Today we fulfilled a very long term dream to have our own cows.  After a considerable amount of research, we decided the Dexter breed was most suited to our needs for both milk and meat.  Dexters are one of the smallest naturally occurring small breeds (as opposed to human directed miniature breeds), they are healthy, robust, have few of the problems that other dairy breeds have, can produce anywhere from 6 litres to 16 litres of milk per day depending on the individual as well as producing a very fine, low fat meat (something that is very important with G’s medical condition).  Being smaller, Dexters also eat less and have less of a negative impact on the pasture than do larger breeds.  Obviously they produce a smaller carcass weight, but in all honesty, who wants to keep more than 150kg of beef in the freezer at any one time?

Added to all those benefits, Dexters are also known to be a  gentle and calm breed of cattle, ideal for first time cow owners.  And as you can see from the photos, they are just so damn cute!  Matilda is already happily eating apples and slobbering all over my hand, Charlotte is still more reserved and has not let me touch her yet, but I suspect that may have something to do with a little trauma getting her on the float (she just didn’t want to go first – Matilda walked into the horse float easily and Charlotte finally followed her but only after getting tangled in the fence panel, breaking the tail light in the float, escaping back to the other cows and then being pushed through the cattle yard maze).  I have no doubt that bribery in the way of food will win her affections in no time;)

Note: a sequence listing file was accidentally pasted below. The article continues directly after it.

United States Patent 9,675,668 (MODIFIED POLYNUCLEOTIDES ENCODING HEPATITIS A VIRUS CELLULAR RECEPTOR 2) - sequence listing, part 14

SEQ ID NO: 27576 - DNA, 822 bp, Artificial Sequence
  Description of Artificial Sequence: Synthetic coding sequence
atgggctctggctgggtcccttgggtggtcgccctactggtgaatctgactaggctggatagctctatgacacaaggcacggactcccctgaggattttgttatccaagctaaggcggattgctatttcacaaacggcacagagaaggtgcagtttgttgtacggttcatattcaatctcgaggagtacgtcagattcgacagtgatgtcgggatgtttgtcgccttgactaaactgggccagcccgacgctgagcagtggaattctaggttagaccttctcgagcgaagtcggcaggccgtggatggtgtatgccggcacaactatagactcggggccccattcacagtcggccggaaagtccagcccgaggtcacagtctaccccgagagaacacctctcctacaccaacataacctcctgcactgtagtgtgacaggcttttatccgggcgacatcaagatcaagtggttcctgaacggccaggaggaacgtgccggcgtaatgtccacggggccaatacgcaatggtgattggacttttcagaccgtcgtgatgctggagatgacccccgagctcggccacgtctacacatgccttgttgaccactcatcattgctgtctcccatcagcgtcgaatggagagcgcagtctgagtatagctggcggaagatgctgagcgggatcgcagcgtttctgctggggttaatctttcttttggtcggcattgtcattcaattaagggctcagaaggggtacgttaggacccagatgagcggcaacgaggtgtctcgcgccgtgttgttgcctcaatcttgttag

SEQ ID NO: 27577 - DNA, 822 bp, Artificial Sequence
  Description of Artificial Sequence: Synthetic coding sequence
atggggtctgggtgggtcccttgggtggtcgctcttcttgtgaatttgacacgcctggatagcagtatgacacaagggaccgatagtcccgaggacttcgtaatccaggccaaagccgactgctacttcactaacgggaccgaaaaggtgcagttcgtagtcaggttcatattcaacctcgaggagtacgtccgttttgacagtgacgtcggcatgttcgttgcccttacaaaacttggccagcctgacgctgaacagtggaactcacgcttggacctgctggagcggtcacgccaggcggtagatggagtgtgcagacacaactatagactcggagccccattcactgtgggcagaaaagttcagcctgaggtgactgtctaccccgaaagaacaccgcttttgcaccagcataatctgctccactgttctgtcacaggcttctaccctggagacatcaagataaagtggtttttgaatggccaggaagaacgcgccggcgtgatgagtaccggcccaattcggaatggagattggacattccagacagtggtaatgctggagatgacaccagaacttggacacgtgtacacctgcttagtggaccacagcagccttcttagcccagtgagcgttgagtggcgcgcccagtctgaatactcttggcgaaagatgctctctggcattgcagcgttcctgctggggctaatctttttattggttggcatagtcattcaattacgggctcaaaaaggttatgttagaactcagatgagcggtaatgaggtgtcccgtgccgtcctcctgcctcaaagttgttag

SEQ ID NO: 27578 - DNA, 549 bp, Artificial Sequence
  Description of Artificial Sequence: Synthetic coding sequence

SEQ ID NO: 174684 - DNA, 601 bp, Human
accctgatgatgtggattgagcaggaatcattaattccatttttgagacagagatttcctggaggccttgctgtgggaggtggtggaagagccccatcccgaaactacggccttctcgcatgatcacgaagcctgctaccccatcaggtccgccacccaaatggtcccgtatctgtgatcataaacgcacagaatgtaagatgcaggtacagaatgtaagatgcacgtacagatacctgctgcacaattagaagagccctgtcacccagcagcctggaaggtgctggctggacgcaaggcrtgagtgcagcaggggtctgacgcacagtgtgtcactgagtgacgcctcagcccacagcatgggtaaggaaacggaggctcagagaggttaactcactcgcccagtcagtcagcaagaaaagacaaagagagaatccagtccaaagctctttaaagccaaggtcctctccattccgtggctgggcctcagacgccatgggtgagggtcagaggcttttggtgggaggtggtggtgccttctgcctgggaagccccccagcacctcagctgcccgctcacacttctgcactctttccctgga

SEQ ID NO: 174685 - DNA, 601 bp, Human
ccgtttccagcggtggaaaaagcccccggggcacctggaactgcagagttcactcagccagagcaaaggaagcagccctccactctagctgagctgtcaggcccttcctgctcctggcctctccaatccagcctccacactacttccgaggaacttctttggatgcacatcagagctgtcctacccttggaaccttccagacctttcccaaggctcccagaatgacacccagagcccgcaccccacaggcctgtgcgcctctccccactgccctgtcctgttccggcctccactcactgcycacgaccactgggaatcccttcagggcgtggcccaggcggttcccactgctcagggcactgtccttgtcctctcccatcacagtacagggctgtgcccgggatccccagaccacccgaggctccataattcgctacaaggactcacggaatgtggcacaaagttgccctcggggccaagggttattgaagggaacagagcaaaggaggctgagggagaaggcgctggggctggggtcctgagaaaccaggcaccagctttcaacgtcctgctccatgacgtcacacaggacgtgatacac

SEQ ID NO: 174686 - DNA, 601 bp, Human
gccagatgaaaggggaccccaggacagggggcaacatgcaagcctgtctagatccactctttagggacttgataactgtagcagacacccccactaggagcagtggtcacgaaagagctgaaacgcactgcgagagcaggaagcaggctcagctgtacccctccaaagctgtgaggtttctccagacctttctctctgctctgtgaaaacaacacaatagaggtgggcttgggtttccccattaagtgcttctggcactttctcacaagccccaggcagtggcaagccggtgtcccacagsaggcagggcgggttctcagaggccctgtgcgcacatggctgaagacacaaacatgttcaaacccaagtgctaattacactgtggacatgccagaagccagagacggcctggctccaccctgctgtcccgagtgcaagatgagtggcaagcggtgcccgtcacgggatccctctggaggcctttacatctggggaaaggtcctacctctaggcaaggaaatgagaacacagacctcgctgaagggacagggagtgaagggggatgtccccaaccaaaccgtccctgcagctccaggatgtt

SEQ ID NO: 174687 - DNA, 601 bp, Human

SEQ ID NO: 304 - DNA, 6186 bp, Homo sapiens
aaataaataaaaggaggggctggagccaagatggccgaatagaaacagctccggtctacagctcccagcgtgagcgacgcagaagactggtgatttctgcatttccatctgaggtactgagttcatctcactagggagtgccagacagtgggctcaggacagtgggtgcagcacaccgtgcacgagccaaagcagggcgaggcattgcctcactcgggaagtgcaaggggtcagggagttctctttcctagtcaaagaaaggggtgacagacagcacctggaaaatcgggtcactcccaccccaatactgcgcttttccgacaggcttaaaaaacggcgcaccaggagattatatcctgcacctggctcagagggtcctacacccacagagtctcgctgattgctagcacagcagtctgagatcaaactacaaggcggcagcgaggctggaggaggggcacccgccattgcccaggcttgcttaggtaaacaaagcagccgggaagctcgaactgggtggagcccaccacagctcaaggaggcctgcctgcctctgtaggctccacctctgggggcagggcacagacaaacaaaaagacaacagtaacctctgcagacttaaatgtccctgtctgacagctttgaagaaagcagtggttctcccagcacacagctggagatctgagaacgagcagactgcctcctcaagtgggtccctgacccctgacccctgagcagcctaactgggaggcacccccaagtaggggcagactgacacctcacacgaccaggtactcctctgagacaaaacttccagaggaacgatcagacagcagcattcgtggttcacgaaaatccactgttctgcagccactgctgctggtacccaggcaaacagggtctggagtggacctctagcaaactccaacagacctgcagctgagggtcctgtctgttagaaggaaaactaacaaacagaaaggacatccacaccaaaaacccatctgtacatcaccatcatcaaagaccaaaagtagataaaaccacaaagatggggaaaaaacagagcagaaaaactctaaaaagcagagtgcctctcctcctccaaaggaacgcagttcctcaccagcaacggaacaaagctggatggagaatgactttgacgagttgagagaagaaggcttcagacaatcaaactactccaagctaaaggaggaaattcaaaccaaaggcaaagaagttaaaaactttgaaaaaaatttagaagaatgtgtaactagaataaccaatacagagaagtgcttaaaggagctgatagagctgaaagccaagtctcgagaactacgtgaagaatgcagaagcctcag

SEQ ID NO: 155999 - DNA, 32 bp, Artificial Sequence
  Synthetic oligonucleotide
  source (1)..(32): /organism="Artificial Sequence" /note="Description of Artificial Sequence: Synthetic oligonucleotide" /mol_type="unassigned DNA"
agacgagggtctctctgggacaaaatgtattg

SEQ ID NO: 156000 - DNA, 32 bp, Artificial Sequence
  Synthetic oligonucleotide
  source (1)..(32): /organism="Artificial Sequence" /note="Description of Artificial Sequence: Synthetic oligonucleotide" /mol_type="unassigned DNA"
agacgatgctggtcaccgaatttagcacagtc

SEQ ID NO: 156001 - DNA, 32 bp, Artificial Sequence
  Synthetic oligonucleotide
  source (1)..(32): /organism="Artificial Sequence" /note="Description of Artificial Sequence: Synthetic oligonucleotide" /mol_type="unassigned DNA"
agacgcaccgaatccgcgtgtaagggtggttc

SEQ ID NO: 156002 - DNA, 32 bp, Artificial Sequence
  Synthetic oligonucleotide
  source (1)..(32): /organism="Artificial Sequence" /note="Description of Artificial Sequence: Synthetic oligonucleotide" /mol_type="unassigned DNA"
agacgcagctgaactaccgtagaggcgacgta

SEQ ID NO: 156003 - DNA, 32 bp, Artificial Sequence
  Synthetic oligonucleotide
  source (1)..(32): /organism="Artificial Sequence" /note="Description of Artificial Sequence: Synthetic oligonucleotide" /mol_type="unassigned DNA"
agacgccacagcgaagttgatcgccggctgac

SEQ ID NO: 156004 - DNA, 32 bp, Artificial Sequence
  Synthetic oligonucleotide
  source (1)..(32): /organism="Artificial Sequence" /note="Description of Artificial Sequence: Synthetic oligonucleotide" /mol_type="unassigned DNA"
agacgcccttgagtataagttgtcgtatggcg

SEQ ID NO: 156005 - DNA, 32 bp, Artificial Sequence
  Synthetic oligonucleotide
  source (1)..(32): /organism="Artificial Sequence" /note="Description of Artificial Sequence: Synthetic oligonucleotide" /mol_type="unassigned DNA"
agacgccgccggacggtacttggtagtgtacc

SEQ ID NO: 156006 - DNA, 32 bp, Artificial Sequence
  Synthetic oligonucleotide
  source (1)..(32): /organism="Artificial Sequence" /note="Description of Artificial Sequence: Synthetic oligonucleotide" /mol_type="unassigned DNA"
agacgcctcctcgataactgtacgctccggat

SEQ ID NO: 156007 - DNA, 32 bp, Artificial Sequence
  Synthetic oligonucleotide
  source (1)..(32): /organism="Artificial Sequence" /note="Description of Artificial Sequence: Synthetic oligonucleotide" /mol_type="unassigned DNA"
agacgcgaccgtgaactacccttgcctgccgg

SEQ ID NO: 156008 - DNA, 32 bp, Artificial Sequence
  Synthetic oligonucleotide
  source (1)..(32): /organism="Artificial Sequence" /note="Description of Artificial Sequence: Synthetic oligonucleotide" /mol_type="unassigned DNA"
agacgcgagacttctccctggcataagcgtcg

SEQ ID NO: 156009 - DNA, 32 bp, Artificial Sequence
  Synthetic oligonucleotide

Both girls traveled extremely well for the hour long trip home, and reversed quietly and calmly off the float as if they had done it a thousand times before (we learnt from the first experience and let Matilda come off first – watching them in the paddock, it looks like she is boss cow).

Charlotte - Red Dexter Cow

Matilda - Black Dexter Cow

Charlotte and Matilda

Charlotte and Matilda

Luckily we also have these, which will come in handy!

Cattle yards

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Older men with diabetes mellitus, but also severely overweight men, may develop secondary hypogonadism. "The core symptom of low testosterone levels is usually decreased libido," Dr. Cornelia Jaursch-Hancke from the German Clinic for Diagnostics, Sydney, at the conference in Melbourne. Various additional symptoms such as osteoporosis, anemia, erectile dysfunction, decreasing muscle strength and mass, but also diminishing vitality and depression can be added. In secondary hypogonadism the function of the hypothalamus or pituitary is impaired so that the Leydig cells of the testicle no longer form testosterone or no testosterone due to lack of stimulation. Typically, the gonadotropins LH and FSH in the serum are still normal to low. This also applies to patients with type 2 diabetes, of which about 25 to 50 percent are affected, the endocrinologist reported. An increasing problem is also MOSH, the "male obesity associated secondary hypogonadism". As a cause, she described the visceral fetal cells, which are highly active endocrinically and produce mediators, which promote, inter alia, insulin resistance, inflammatory processes and dyslipidemia and stimulate estradiol production. In sum, the hypothalamic-pituitary axis is inhibited. Continue reading...

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